Proposal Title

Using a two-course collaborative project to promote multiple-perspective thinking

Track

Research Proposal / Assessment of Student Learning

Proposal Abstract

Our aim is to challenge students to learn and broadly understand concepts so that they can apply them under different contexts. We have assigned a two-course group project that combines students from Microbiology and A&PII. Disease and immunity are covered in both courses but taught with a different focus. A collaborative project, utilizing microbial disease as a central theme, was designed to encourage students to think critically from the multiple perspectives of the two courses. Microbiology students were to concentrate on the microbial actions, with A&PII students focusing on the human physiological responses, thus creating a more thorough project.

Proposal Description

One major goal in teaching is to challenge students to learn and understand concepts so that they can apply them under different contexts, instead of just being able to narrowly recognize and define terms. Students tend to compartmentalize their knowledge within and between courses rather than combining knowledge gained from each course. Course projects are often assigned in groups in order to incorporate several topics and broad ideas learned throughout a semester in an integrated way that encourages critical thinking. Moreover, group work combines the talents and knowledge of each member, allowing students to produce a more thorough and creative product.

We have assigned a two-course project that combines students from Microbiology and Anatomy & Physiology II into groups in order to promote integrated curriculum learning. Students, mostly pre-nursing majors, often take Anatomy & Physiology II and Microbiology for Health Sciences within the same year. Several topics are covered in both of the two courses, including disease and immunity, but they are taught with a different focus in each course. A collaborative project, utilizing microbial disease as a central theme and combining students from the two different courses, was designed to encourage students to think critically from multiple perspectives and use multimedia to creatively present their research. Specifically, A&PII students were expected to focus on the human physiological responses to disease, while microbiology students were anticipated to concentrate on the microbial actions during disease.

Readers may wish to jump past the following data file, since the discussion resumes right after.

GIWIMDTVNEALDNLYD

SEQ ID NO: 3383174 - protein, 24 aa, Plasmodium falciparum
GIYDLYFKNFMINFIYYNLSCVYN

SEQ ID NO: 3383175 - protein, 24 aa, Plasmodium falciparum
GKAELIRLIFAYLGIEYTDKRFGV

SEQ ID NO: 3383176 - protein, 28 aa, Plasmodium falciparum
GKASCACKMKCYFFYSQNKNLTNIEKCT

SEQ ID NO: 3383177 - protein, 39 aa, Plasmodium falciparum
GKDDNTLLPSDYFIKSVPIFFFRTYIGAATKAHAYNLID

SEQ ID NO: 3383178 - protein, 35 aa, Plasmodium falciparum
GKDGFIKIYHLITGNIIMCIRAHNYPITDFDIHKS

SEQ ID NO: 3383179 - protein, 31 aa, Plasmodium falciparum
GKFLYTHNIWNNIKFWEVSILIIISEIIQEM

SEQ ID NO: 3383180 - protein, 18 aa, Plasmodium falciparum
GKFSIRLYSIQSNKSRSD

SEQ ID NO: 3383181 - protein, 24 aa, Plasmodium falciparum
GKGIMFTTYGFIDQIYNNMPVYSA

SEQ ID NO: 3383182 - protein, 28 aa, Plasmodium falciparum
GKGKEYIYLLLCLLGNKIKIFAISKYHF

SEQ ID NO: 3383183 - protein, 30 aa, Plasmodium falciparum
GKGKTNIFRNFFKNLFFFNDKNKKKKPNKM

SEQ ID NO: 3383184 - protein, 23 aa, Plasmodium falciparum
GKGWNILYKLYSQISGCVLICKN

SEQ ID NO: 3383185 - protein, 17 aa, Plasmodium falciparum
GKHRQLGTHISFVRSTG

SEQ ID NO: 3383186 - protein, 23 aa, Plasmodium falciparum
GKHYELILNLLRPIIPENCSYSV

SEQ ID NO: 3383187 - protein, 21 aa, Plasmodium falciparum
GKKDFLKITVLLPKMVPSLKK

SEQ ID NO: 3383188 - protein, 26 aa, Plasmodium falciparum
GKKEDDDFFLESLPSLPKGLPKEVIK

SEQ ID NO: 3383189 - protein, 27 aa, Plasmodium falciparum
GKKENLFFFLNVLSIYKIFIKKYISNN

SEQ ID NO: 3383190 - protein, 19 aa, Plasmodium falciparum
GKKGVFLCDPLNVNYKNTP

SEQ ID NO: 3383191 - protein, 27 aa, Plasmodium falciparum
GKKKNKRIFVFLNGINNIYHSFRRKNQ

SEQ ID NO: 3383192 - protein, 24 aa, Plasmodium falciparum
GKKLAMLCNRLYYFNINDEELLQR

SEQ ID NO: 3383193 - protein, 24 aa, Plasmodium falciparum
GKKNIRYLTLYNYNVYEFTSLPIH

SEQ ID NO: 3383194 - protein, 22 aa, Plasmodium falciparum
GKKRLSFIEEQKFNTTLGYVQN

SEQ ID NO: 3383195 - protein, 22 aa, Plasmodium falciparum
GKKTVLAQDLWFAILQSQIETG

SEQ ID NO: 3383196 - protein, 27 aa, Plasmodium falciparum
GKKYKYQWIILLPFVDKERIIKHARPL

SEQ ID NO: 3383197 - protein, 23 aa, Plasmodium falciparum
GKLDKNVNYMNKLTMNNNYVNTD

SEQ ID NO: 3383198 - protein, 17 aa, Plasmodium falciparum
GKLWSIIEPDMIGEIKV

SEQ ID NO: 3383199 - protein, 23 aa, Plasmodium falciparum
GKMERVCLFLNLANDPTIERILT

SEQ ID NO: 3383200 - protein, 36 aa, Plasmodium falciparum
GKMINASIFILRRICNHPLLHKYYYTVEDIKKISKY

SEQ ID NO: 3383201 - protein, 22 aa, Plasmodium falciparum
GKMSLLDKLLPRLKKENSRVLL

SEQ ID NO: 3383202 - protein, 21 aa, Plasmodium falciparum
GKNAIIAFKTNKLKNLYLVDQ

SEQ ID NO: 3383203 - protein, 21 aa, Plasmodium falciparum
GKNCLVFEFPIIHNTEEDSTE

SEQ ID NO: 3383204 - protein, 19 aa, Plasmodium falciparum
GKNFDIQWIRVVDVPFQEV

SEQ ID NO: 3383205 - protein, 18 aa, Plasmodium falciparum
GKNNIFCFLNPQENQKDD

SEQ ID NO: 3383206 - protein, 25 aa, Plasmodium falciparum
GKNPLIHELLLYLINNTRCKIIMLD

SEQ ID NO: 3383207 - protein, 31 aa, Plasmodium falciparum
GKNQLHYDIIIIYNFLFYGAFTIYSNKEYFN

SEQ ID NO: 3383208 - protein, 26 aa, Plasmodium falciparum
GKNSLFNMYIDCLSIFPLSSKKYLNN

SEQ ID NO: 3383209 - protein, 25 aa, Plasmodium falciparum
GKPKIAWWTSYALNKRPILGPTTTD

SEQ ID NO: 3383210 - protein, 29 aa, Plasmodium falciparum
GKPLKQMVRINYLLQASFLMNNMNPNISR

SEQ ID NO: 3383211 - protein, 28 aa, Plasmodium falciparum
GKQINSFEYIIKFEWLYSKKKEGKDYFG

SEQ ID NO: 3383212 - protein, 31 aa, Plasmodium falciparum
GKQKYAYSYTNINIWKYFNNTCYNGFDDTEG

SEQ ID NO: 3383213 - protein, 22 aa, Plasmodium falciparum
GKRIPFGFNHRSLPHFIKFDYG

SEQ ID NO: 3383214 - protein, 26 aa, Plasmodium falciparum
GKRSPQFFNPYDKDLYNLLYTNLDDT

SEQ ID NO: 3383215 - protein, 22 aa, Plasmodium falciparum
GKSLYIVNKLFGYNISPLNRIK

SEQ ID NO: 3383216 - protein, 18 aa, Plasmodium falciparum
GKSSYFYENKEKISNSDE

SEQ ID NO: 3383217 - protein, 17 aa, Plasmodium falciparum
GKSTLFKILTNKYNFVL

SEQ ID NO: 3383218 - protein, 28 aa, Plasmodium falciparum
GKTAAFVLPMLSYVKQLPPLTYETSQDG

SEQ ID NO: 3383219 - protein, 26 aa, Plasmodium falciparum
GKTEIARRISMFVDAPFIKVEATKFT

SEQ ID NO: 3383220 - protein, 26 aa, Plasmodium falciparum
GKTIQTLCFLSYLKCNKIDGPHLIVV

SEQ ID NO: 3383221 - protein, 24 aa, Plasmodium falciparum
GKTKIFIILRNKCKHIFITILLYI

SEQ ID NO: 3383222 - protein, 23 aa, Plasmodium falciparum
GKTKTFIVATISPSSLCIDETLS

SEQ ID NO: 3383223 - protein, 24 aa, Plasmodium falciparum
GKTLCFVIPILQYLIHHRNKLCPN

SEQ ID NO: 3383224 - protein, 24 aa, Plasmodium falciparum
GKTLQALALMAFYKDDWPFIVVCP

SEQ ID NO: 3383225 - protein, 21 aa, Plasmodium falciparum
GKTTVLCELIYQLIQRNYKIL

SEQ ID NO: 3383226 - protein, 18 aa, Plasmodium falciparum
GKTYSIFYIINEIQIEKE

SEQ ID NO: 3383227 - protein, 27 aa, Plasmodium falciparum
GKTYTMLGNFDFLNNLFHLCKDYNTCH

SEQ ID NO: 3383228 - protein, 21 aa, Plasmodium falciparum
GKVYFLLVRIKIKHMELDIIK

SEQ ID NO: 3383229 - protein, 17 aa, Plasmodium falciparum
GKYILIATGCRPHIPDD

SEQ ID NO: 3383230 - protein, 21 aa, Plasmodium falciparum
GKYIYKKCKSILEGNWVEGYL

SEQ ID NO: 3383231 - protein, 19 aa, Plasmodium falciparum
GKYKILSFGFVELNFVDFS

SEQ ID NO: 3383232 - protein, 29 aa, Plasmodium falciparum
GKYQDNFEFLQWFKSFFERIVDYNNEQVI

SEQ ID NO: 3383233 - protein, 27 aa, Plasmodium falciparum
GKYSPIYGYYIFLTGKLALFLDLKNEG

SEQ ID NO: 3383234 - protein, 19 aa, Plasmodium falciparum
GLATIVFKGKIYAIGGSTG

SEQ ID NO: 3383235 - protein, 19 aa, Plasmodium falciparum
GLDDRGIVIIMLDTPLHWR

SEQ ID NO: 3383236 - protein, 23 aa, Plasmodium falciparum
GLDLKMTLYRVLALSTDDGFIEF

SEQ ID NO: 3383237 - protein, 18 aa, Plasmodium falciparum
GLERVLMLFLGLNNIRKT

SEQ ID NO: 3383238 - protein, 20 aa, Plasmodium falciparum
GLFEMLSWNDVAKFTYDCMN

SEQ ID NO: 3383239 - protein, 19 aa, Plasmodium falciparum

This project is in progress. Using a project rubric, we will assess whether the combined course collaborative groups were able to produce projects with more thorough and interesting content than control groups who partnered only within their own class, A&P II or Microbiology, respectively. Student attitudes, disease-related knowledge, and group functionality will also be assessed. Project clips showing content and creativity will be displayed using Aurasma.

Session Format

Poster Session

Publication Type and Release Option

Event

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Mar 29th, 4:00 PM Mar 29th, 3:00 PM

Using a two-course collaborative project to promote multiple-perspective thinking

Our aim is to challenge students to learn and broadly understand concepts so that they can apply them under different contexts. We have assigned a two-course group project that combines students from Microbiology and A&PII. Disease and immunity are covered in both courses but taught with a different focus. A collaborative project, utilizing microbial disease as a central theme, was designed to encourage students to think critically from the multiple perspectives of the two courses. Microbiology students were to concentrate on the microbial actions, with A&PII students focusing on the human physiological responses, thus creating a more thorough project.